The complaint filed on Thursday comes at a bad time for District 5 candidate Eric Michielssen — just days before the June 7 primary election. Michielssen said Tuesday the lawsuit, which was filed by a well-known Arnold ally, is a thinly veiled attempt to cost him votes.
On Thursday, attorneys for Santa Margarita residents John Philbrick and Diane Allen filed a civil complaint in San Luis Obispo Superior Court against Michielssen and wife Dana Tryde, alleging the two were failing to recognize a long-existing easement on their property that allowed Philbrick, a cattle rancher and hay farmer, access to his property with large equipment.
According to the lawsuit, Philbrick leases a 360-acre ranch at 1760 Parkhill Road in Santa Margarita and Michielssen moved into an adjacent 7.5-acre parcel in 2009.
The lawsuit alleges that Michielssen was aware that a 30-foot right-of-way on his property was a historic easement that Philbrick can legally use.
However, when Michielssen began building his house on the property in 2009, the house began encroaching on the easement and, with wood piles and other materials, blocked Philbrick’s access, according to the lawsuit.
Philbrick claims the 1923 deed to the property he leases contains a “scrivener’s error,” a typo that misidentifies the precise location of the easement. Philbrick says a 1982 parcel map correctly identifies the error.
Furthermore, the lawsuit alleges that Michielssen’s adult son trespassed on a hill on his property to “watch the sunset,” and Philbrick denied requests from Michielssen and Tryde to ride horses on Philbrick’s property.
Lawsuits only represent one side of the argument, and Michielssen has not yet filed a response in court.
Philbrick’s attorney, Sophie Treder, said Tuesday the issue has been years in the making and that friendly neighbor discussions had recently gone sour. She said Philbreck first consulted with her about the easement in 2012.
Treder provided The Tribune with email correspondence between Philbrick and Michielssen dating back to July. Michielssen stated in a May 6 email to Philbrick that it was his title company’s opinion that there was no easement but reiterated that Philbrick could use it, anyway.
Treder said she was driven to file the lawsuit last week due to a written correspondence she said Michielssen recently sent Philbrick denying Philbrick’s right to the property, which meant that her client’s access could be cut off at any time. She said Philbrick was also motivated by the hay season, when he needs to use the easement to transport his cut hay before it begins to mold.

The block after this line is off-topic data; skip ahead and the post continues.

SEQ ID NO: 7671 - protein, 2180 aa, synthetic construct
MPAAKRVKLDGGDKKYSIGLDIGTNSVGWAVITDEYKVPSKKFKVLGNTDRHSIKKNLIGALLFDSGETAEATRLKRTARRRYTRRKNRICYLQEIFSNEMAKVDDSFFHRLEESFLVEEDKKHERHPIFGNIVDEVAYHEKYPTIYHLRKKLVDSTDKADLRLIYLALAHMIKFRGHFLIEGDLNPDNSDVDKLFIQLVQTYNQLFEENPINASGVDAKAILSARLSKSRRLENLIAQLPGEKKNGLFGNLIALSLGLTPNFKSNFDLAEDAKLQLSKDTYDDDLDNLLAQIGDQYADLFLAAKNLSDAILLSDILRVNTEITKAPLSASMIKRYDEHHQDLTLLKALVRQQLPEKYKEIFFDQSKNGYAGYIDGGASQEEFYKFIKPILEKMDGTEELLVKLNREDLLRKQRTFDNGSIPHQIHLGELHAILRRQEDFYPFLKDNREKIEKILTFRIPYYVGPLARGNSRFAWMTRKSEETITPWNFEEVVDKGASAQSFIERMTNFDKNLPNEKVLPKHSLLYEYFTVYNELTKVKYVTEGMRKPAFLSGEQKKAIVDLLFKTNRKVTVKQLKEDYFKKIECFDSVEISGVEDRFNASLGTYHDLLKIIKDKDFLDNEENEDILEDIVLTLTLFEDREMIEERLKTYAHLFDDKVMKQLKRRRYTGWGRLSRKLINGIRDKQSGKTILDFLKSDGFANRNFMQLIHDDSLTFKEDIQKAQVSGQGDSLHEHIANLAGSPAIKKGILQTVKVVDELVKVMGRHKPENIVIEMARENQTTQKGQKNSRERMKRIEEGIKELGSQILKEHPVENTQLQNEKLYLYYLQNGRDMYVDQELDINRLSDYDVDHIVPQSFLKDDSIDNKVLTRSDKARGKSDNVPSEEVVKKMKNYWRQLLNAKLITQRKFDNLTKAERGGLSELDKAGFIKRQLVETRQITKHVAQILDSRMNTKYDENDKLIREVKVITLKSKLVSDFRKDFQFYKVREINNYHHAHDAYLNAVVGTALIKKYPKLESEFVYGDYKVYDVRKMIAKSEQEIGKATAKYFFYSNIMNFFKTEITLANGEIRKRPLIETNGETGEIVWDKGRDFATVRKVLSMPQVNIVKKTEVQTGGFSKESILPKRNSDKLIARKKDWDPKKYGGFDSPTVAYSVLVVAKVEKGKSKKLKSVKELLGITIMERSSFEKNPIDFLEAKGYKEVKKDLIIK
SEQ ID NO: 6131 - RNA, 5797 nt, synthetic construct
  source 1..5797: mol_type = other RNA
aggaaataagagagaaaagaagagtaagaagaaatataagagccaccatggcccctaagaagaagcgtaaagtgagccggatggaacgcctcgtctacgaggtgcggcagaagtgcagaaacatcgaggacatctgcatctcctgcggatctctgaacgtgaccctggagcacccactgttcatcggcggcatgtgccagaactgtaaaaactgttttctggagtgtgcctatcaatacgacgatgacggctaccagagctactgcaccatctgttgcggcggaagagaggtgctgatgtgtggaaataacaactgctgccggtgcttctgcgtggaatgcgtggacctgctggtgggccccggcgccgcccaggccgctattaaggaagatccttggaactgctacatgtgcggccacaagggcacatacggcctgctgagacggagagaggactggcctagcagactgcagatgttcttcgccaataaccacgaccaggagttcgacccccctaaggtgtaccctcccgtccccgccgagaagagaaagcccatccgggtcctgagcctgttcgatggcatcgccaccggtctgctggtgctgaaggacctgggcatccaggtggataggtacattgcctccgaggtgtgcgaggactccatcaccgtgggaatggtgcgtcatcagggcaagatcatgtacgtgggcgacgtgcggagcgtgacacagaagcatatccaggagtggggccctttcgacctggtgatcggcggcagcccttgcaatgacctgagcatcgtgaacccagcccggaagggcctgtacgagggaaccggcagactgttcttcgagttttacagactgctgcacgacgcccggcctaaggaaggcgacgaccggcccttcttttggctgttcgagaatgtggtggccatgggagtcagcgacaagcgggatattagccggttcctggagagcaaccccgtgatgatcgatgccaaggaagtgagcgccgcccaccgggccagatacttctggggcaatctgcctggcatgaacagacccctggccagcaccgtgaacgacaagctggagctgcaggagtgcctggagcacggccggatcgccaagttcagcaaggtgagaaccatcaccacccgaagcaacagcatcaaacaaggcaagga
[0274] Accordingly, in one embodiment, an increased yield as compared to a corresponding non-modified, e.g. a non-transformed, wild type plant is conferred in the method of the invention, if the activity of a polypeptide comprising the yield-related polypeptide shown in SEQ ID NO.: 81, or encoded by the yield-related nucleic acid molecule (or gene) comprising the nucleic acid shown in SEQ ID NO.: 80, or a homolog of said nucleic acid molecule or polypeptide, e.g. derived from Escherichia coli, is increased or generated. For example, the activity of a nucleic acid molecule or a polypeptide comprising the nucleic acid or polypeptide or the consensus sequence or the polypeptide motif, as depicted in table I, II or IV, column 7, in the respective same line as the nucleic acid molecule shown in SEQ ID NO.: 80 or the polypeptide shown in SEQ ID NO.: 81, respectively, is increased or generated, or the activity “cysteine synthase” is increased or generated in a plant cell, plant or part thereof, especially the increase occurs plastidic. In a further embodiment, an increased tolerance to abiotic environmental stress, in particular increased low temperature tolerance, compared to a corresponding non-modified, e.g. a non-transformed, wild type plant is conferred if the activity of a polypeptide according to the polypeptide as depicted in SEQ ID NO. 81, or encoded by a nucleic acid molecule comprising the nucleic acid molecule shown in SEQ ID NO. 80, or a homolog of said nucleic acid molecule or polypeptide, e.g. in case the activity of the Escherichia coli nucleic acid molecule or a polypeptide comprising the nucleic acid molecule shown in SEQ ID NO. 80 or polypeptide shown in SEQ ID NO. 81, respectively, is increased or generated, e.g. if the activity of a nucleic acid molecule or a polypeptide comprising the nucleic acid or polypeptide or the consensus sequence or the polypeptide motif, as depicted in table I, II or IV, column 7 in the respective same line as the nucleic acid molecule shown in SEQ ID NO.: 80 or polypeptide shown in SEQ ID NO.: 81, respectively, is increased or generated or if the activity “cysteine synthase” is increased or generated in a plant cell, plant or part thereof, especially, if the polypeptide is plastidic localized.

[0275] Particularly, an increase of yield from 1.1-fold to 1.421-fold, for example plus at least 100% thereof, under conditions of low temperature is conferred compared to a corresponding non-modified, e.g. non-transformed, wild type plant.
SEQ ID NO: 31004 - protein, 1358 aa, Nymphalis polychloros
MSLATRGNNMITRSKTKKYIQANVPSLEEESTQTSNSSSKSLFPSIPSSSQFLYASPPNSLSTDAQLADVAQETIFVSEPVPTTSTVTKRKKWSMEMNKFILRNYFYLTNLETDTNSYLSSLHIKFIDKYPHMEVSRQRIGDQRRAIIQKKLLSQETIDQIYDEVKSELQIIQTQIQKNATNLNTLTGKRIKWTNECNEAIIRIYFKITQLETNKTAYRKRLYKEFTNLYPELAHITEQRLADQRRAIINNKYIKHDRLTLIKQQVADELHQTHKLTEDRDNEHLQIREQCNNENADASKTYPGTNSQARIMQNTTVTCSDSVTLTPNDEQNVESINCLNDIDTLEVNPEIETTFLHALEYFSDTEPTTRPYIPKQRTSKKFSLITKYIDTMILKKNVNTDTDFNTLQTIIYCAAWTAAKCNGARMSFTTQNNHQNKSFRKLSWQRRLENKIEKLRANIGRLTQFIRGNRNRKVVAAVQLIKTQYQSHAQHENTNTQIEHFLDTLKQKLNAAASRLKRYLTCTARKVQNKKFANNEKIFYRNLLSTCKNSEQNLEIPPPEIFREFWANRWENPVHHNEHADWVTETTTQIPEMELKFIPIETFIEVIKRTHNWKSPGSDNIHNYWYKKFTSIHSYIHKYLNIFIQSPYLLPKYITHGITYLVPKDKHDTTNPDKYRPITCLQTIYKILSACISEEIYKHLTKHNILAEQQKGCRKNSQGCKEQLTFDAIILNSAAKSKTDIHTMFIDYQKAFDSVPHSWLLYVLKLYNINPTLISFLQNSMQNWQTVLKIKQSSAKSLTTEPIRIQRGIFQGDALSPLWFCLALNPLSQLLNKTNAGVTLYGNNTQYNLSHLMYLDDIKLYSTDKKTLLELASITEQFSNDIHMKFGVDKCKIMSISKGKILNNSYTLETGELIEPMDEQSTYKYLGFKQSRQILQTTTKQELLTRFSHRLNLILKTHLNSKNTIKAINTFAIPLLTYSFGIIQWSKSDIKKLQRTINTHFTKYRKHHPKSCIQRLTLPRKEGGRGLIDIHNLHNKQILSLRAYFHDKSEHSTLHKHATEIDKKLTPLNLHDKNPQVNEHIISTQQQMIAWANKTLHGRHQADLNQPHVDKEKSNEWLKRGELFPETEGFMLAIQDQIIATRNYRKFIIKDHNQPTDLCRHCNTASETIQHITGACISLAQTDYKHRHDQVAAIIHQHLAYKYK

“This has been a slow progression,” Treder said.
But Michielssen said the timing of the suit speaks for itself.
Treder has donated money to Arnold’s current and previous campaigns. She’s also represented the applicants for the controversial Las Pilitas gravel quarry proposed about 3 miles northeast of Santa Margarita. After years of planning and public comment, the project was narrowly defeated on appeal to the San Luis Obispo County Board of Supervisors.
Arnold and District 4 Supervisor Lynn Compton voted in support of the project. Michielssen has said he would have opposed the quarry if he had been on the board at the time of the vote.
“We knew what people were going to say, that it’s political, but from a legal standpoint I’m doing what I need to do to protect the interests of my client,” Treder said. “We’re not going to just dismiss (the lawsuit) after the election.”
Treder, a Santa Margarita resident, said she has known Philbrick for more than seven years and provided him counsel prior to Michielssen’s announcement that he would run against Arnold.
In hindsight, she said, she would not have represented Philbrick in the lawsuit if she had known Michielssen would enter the race against Arnold.
“Yes, I know Debbie. And yes, I’m friends with Debbie,” Treder said. “I’ve also been friends with John Philbrick even longer.”
She added that she had tried but was unsuccessful in finding another attorney willing to take the case in light of Michielssen’s candidacy.
Michielssen said Tuesday he had not yet been served with the lawsuit but had read a portion of it in an online article published the same day the lawsuit was filed, before the lawsuit was publicly available at the courthouse.
Even though he had not yet read the entire lawsuit, he denied the allegations, saying he has never denied Philbrick access to the easement and called the litigation “smear tactics at the last minute.”
“It’s just a ploy. I don’t think you can look at it any other way,” Michielssen said, adding that the lawsuit, on its face, makes it sound as if Michielssen is anti-property rights.
He said Philbrick did not tell him of his plans to file the lawsuit, and that as recently as over the Memorial Day weekend, Philbrick used the easement for between 20 and 30 hay truck trips.
“I always told John, I said you can always use it. I don’t have a problem with it,” Michielssen said, adding that the dispute between the two intensified when Philbrick insisted he has rights to the easement, using the 1923 deed as proof. He said he consulted with his title company, who agreed the dirt road is his property.
Michielssen also denied the trespassing allegation, saying his son hiked on another neighboring property also used by others in the area.
Michielssen said he is waiting to receive the lawsuit, but questioned why he had yet to be served with the document if the matter was time-sensitive. “If it’s such a big deal, why don’t they serve us already?” he said.
He said he will file a response to the lawsuit after the election.
A case management conference is scheduled for Sept. 28 in the Paso Robles courthouse.